Told of Grotto’s remarks, Philip Morris said in a statement, “We did not state that PMI would wait for the approval of a foreign regulatory authority.”
In Israel, iQOS has faced obstacles. This March, a group headed by an activist named Shabi Gatenio challenged the Health Ministry and Philip Morris in the country’s top court over the sale of iQOS without the same marketing restrictions imposed on regular cigarettes. An Israeli tobacco company also challenged the government and Philip Morris in a similar filing.
During an interview in Tel Aviv, Gatenio, 45, marveled at the reach of Philip Morris. He said within two and half hours of his filing the court petition, before it had become public, he got a text message from Erez Gil-Har, co-chief executive of Policy Ltd., Philip Morris’ powerful lobbying company in Israel. The message, viewed by Reuters, accused Gatenio of becoming a “tool” in the hands of the local tobacco company – a charge he dismisses.
Gil-Har, who attended the meeting with Grotto and Philip Morris’ Gilchrist, declined to comment. The tobacco company, Dubek, declined to talk as well.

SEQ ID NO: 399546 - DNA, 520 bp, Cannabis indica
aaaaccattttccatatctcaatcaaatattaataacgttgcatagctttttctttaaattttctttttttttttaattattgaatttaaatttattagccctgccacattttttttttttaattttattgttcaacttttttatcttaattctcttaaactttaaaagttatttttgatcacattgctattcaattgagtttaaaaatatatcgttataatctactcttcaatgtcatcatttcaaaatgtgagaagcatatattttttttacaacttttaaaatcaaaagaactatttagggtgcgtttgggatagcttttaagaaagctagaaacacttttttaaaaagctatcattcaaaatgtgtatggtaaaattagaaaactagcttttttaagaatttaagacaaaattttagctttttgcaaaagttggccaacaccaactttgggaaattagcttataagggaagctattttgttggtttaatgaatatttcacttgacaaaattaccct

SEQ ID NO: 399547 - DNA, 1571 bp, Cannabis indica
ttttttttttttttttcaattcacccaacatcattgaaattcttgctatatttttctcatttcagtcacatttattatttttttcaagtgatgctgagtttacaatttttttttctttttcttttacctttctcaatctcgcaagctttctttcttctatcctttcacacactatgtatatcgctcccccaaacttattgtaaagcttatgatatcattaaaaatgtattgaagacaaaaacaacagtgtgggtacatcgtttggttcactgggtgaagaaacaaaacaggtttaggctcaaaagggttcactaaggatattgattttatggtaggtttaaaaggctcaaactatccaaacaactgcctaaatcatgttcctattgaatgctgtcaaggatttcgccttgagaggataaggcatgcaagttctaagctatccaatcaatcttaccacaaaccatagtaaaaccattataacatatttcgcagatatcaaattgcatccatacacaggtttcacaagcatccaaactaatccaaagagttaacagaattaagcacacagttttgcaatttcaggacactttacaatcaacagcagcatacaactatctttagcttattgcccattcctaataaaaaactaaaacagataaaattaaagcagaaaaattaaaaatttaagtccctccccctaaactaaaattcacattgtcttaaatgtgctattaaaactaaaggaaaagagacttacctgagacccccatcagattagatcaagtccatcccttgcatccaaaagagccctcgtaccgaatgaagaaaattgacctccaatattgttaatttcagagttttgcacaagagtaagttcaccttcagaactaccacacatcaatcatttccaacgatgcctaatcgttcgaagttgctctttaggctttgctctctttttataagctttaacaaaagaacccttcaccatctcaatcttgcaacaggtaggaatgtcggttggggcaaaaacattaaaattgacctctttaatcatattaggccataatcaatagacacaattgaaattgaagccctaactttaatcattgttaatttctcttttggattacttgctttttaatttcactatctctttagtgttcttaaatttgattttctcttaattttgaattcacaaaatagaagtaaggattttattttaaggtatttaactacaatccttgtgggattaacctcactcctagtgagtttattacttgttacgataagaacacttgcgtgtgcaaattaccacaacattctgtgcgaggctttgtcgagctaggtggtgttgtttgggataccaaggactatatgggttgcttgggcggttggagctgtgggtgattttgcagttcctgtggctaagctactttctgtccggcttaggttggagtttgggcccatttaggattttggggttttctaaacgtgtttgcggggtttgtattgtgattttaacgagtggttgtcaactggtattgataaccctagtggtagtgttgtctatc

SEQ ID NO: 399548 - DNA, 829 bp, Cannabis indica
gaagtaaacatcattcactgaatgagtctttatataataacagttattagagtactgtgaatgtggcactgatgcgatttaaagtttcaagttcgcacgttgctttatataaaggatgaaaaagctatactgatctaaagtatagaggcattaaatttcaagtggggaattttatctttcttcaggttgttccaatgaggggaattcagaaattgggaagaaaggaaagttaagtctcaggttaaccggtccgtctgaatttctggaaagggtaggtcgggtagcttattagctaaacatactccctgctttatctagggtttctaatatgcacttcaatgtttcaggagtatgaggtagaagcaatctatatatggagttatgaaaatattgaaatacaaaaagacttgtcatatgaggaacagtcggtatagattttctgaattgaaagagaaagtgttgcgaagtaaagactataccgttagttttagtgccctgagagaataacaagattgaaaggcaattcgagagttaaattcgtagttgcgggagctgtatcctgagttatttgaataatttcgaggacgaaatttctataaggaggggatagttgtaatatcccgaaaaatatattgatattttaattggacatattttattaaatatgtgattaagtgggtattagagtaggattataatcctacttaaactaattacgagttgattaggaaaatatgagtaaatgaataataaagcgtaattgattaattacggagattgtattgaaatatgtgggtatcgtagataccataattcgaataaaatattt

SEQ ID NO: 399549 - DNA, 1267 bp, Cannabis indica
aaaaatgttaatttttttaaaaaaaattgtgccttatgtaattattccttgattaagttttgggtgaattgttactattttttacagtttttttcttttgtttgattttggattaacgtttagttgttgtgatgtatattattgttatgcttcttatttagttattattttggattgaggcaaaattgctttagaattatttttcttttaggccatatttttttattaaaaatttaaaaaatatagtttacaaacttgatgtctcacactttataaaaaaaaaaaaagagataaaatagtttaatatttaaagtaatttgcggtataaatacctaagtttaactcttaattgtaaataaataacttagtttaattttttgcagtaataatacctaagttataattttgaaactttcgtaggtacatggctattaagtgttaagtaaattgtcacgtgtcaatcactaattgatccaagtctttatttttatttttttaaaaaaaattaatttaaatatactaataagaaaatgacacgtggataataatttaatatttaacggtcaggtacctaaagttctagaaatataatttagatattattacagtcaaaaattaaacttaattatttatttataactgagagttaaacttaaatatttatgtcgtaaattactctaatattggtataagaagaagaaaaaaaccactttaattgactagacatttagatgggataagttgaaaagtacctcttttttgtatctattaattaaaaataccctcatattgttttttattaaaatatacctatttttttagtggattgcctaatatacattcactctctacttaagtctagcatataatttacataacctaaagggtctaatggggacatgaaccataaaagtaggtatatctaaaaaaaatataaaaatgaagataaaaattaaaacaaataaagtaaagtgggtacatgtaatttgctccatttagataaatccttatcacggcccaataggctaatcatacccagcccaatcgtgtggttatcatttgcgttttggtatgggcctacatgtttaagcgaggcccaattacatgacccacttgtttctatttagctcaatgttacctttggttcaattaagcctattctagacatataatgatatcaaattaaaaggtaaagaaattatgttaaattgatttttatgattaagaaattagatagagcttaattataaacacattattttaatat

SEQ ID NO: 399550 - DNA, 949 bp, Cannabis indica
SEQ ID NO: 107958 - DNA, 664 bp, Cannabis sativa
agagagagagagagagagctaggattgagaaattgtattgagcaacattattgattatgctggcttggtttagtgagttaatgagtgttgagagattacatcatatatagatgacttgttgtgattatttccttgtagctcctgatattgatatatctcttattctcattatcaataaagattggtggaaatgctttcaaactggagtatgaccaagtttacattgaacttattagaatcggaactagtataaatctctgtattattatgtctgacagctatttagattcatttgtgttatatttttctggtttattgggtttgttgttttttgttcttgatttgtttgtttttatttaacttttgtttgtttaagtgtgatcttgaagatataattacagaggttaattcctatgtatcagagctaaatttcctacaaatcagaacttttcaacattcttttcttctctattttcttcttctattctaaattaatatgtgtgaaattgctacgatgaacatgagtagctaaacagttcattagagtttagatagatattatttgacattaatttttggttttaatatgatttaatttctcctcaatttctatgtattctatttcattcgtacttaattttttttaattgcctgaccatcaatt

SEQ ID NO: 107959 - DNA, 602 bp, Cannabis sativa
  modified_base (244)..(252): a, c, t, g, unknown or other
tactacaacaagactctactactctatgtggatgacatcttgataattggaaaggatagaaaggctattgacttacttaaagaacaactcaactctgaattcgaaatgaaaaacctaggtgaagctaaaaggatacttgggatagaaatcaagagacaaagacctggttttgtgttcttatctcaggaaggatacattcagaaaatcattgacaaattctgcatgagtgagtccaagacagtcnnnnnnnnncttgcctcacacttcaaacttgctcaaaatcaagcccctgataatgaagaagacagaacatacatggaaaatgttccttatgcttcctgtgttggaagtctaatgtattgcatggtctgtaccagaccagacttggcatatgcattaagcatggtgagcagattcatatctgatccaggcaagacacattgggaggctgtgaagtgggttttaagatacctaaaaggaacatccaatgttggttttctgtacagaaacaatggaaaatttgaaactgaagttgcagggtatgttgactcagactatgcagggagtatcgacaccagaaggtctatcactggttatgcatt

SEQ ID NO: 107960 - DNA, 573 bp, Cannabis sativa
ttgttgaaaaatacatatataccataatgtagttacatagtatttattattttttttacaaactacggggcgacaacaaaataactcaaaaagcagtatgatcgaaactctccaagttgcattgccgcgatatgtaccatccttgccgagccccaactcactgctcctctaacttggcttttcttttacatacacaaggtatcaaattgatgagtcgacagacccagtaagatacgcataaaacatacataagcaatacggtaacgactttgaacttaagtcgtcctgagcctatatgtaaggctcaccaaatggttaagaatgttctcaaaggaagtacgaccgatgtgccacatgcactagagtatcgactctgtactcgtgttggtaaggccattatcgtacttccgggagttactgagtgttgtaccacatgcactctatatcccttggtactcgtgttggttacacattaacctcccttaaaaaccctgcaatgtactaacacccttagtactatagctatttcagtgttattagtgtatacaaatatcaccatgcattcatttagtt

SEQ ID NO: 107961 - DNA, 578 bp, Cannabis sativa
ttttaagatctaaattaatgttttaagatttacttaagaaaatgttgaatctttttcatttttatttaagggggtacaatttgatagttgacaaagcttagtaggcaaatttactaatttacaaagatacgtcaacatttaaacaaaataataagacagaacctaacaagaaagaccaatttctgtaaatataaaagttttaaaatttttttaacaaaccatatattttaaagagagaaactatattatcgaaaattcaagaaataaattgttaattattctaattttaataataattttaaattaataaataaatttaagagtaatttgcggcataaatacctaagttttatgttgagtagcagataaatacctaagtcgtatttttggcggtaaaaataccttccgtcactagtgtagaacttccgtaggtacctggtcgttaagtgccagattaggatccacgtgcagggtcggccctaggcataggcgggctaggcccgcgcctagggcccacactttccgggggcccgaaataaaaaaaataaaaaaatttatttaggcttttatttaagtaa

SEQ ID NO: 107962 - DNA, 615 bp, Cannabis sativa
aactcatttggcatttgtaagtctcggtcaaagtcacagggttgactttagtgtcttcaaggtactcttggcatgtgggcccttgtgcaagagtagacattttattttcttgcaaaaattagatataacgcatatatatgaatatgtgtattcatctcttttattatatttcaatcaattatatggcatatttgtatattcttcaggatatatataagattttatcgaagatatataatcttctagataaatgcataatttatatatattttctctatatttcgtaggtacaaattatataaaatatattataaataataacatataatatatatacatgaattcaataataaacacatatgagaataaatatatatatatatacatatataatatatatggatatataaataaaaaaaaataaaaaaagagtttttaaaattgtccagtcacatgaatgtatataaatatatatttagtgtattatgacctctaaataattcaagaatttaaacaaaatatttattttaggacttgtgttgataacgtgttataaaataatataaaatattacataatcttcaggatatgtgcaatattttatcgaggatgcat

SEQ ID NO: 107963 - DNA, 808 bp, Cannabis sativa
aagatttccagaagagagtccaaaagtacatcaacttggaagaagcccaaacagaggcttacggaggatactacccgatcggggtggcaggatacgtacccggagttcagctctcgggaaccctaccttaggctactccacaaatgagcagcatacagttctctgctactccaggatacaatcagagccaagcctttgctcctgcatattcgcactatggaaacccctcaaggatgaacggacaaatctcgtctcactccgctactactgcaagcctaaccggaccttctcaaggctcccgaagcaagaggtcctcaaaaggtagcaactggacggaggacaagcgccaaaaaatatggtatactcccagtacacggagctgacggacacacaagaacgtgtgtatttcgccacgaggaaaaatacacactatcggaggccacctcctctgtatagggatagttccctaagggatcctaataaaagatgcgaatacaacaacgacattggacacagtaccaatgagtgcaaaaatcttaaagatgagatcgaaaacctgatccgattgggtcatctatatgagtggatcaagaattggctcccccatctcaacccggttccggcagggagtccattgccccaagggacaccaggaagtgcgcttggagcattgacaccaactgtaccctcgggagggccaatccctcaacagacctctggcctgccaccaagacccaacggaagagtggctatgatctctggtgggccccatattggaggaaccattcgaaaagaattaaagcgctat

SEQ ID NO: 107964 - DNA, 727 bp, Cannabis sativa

Before the court could give a final ruling, the Health Ministry reversed its position and said it would treat iQOS as it does traditional cigarettes. The ministry said it planned to revisit its decision after seeing how the U.S. FDA regulates the product.
The about-turn left Philip Morris scrambling. According to a government official familiar with the matter, Philip Morris hired more than two dozen women for an urgent task: They manually peeled off the old labels from thousands of tobacco-insert packs in a warehouse near Tel Aviv and stuck on new ones with more prominent health warnings. The packs were then released.
A world away in Colombia, Philip Morris kicked off its sale of iQOS this March with a large white balloon at a music festival. Emblazoned with “iQOS” in blue and green letters, the balloon was hoisted 20 feet in the air by a crane.
Tobacco advertising and promotion are banned in Colombia, the first country in Latin America to get iQOS.
According to a Health Ministry official, Philip Morris launched iQOS without getting approval from the agency to sell the tobacco inserts in the country as is required by law.
“This is a product which is derived from tobacco and which must have a prior evaluation by this ministry,” said senior Health Ministry official Jose Fernando Valderrama.